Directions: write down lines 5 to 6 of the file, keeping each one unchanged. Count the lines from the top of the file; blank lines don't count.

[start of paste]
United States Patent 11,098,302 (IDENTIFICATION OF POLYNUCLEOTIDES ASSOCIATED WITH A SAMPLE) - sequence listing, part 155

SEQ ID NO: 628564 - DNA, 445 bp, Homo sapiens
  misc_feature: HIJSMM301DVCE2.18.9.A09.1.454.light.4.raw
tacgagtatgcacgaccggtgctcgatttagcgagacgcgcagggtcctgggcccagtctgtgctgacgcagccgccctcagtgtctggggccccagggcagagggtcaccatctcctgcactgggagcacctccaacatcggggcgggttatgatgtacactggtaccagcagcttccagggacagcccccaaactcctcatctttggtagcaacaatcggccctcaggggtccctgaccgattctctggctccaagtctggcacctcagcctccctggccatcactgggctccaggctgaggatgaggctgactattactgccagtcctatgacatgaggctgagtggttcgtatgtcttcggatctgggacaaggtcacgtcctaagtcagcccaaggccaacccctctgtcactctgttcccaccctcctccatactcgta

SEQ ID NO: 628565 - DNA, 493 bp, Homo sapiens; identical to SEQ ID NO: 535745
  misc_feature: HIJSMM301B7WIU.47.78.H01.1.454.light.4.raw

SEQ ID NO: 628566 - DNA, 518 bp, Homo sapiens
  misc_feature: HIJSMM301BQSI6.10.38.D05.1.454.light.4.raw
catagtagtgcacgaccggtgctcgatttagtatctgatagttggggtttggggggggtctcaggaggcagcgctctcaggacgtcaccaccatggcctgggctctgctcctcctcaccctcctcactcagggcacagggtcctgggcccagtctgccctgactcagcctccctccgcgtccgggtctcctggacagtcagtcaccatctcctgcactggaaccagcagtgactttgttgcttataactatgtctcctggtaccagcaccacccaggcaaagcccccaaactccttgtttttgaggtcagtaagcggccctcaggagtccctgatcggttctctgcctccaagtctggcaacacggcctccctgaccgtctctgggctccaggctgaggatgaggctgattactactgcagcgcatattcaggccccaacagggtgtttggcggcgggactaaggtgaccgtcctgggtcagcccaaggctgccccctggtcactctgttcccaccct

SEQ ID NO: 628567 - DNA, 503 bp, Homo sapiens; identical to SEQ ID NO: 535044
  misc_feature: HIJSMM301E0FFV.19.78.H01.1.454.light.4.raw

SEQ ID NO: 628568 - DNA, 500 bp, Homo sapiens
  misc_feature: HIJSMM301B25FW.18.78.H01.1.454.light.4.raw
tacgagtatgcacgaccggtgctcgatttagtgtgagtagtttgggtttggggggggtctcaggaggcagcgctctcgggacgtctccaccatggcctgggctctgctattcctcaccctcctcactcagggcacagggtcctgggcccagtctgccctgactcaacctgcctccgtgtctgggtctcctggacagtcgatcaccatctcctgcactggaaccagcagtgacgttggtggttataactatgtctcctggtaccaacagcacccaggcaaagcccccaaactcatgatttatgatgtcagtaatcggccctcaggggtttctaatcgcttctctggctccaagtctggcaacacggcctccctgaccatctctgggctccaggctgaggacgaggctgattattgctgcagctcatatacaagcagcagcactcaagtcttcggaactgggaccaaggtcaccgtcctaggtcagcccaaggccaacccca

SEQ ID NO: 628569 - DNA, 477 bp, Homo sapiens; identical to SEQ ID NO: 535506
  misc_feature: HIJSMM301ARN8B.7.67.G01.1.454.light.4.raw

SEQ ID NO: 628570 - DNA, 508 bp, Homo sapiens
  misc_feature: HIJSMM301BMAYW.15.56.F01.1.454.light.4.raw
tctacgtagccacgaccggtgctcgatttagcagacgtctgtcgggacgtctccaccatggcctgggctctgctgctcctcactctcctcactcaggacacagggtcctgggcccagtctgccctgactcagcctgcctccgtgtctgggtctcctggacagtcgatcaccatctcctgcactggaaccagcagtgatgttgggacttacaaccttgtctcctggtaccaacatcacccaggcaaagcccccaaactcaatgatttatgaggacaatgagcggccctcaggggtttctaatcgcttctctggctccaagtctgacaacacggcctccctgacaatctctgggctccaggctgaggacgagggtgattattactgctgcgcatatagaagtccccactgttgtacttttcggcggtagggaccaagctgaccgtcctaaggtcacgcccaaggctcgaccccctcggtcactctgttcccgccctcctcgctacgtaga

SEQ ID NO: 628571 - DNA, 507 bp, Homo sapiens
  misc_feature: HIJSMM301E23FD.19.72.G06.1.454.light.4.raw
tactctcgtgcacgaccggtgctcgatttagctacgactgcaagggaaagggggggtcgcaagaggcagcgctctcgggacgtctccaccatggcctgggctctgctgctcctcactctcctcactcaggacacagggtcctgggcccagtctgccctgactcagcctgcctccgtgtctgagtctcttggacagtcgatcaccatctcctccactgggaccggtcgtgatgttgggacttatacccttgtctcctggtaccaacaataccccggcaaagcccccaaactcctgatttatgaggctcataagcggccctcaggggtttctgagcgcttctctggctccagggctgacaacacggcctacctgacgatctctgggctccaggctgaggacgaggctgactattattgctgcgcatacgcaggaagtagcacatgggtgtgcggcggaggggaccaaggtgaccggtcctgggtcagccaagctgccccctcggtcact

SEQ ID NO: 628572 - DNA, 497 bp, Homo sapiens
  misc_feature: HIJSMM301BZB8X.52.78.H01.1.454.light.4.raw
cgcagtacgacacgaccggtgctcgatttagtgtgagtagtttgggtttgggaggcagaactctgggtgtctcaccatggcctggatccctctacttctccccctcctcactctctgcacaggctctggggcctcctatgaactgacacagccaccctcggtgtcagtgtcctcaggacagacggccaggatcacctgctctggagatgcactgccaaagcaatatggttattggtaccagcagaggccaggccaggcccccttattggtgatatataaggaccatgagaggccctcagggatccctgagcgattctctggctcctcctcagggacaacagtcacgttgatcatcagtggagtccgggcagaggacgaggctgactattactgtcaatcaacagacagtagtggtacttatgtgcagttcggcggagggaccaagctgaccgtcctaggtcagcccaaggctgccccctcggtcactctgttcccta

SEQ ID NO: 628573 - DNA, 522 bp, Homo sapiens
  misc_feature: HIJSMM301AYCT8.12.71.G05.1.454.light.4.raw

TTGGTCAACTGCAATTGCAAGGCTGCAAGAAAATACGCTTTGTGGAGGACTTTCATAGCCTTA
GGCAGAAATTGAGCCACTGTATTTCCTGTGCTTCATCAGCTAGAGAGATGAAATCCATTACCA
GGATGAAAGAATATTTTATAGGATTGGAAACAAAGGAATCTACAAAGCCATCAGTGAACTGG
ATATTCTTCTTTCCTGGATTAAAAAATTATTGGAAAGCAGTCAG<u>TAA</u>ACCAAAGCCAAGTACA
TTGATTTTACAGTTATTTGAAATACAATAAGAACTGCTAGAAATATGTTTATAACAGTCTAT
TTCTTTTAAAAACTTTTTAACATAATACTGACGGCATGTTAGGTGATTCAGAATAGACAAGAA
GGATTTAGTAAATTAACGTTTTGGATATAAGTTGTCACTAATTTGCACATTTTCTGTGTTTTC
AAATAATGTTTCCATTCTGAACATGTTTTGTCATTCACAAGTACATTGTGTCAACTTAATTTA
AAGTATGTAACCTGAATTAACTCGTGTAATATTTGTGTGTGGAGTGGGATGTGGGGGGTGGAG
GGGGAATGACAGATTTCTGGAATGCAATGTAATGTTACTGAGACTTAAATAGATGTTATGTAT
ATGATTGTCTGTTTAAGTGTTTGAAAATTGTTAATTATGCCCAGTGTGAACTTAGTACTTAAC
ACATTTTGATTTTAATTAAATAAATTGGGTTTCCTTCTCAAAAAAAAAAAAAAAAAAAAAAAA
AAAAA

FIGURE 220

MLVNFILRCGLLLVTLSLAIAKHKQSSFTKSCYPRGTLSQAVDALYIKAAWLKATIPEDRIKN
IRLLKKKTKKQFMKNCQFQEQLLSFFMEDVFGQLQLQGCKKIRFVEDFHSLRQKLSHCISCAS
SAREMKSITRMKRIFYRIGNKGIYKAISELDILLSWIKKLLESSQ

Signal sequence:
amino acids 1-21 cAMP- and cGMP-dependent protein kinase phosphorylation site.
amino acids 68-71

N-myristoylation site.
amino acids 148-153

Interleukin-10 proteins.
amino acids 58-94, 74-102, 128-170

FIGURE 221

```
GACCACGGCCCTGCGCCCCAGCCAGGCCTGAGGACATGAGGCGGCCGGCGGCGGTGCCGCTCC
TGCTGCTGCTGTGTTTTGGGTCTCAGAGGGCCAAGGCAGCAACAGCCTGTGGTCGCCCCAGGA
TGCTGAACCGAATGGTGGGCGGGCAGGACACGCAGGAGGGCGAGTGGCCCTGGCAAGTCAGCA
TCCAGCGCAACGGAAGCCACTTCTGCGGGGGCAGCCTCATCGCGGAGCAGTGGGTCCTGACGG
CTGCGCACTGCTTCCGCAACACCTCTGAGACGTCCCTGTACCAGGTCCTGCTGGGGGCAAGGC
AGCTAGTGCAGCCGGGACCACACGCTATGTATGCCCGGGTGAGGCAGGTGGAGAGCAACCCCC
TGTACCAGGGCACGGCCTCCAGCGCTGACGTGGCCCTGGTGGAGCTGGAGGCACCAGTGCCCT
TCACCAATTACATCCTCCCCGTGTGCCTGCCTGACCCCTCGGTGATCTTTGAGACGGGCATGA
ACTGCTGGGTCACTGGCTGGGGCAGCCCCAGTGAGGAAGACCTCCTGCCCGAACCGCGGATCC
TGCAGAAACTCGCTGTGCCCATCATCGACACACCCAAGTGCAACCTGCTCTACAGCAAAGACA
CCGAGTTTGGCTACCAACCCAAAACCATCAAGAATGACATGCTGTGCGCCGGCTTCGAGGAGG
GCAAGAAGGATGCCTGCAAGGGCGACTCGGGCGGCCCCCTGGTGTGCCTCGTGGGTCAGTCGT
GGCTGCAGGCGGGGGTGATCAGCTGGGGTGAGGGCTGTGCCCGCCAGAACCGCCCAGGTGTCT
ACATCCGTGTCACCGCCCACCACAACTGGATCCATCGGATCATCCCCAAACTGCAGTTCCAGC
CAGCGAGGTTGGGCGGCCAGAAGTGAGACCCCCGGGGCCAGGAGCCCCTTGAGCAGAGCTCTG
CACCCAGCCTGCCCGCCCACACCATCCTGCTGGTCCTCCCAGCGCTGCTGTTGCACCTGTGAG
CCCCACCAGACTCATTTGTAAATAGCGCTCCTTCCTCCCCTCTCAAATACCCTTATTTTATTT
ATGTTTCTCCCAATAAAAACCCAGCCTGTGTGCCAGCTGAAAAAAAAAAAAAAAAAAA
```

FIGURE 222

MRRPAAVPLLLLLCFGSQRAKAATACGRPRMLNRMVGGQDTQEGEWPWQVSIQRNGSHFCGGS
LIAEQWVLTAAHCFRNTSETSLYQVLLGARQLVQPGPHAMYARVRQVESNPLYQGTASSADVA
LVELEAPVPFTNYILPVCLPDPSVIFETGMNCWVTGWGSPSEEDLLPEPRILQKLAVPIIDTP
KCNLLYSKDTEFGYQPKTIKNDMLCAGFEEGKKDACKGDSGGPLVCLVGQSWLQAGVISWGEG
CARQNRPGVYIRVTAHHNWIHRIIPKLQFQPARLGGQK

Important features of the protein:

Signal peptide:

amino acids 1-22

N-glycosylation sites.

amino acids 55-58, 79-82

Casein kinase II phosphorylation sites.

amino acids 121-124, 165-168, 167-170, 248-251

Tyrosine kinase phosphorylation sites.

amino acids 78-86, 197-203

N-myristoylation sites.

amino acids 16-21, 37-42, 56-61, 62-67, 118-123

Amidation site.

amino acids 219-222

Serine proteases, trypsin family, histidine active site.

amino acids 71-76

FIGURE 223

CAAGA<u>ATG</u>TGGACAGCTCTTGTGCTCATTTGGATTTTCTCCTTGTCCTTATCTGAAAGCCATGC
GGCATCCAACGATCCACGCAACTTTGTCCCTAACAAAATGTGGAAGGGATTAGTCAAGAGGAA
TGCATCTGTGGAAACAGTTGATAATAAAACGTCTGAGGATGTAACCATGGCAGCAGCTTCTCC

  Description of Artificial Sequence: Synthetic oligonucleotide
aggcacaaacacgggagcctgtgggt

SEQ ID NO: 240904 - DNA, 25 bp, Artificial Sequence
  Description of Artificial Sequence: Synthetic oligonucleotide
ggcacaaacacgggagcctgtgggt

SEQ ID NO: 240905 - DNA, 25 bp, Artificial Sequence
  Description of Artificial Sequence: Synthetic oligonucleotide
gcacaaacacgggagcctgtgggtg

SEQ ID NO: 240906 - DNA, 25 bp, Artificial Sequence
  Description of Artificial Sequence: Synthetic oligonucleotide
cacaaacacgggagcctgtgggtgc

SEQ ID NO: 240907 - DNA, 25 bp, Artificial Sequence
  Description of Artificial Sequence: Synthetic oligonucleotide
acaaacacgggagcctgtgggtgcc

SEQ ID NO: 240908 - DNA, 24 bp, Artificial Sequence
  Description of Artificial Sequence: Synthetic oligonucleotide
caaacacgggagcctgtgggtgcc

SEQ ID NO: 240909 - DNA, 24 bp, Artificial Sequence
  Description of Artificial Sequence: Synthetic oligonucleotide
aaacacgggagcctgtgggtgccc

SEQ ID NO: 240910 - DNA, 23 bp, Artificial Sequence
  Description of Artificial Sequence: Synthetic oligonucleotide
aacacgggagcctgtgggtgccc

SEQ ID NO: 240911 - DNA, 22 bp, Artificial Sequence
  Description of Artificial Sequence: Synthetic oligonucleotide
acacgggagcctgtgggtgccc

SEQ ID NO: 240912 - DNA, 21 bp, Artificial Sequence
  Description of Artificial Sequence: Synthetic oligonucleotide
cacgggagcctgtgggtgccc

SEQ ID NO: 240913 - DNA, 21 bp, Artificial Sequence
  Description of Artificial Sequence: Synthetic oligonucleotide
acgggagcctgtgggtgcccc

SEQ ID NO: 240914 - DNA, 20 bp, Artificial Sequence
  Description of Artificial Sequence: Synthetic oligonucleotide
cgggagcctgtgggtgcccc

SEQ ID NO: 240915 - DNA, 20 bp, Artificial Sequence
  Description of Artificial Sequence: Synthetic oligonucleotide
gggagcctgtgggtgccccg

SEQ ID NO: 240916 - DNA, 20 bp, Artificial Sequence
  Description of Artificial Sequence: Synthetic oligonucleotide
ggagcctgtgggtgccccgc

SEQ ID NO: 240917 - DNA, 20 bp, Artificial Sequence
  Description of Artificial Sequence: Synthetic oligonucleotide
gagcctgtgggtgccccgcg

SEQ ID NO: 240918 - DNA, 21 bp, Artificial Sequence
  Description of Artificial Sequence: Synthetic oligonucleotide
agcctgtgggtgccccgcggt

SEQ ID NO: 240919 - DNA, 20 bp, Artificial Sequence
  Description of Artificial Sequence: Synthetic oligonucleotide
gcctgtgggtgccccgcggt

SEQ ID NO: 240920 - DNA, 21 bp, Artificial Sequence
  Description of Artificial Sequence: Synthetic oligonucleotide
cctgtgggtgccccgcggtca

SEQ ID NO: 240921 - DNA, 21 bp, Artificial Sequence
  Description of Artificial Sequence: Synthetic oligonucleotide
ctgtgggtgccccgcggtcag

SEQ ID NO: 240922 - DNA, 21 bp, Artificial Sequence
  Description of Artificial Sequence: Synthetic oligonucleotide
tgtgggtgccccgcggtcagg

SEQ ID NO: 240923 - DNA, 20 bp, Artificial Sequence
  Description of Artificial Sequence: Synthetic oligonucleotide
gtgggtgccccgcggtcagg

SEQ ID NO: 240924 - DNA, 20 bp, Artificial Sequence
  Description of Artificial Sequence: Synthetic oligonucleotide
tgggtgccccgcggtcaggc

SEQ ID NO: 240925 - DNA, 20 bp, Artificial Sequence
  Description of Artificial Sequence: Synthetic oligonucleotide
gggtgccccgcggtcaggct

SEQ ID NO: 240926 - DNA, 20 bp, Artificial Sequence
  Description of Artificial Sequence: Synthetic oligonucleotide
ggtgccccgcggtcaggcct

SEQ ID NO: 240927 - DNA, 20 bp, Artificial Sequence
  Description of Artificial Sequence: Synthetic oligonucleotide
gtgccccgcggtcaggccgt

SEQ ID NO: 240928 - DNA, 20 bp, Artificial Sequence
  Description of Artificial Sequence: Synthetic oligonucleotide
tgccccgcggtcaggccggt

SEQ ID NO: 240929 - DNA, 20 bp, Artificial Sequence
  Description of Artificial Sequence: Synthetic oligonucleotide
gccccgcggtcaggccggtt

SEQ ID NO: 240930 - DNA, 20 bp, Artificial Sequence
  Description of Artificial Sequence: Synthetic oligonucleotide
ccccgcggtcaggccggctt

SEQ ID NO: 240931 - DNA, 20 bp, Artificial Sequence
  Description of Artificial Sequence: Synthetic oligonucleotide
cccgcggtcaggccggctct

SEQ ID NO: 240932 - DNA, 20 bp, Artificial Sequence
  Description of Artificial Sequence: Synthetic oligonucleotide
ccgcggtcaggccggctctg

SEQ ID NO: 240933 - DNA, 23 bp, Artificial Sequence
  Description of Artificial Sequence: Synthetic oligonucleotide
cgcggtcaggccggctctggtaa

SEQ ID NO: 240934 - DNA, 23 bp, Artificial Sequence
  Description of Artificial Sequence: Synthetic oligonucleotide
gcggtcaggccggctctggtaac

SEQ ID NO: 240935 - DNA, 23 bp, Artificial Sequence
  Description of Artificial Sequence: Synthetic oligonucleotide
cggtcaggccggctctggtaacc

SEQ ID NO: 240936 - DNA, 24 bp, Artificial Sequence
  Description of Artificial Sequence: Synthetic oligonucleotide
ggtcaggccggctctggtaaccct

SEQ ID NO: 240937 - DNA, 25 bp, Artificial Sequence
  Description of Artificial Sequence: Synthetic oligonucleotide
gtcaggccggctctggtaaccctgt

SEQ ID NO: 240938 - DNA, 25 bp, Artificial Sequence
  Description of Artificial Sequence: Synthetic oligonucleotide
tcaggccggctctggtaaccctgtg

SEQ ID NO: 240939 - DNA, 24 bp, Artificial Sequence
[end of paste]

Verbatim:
SEQ ID NO: 628565 - DNA, 493 bp, Homo sapiens; identical to SEQ ID NO: 535745
  misc_feature: HIJSMM301B7WIU.47.78.H01.1.454.light.4.raw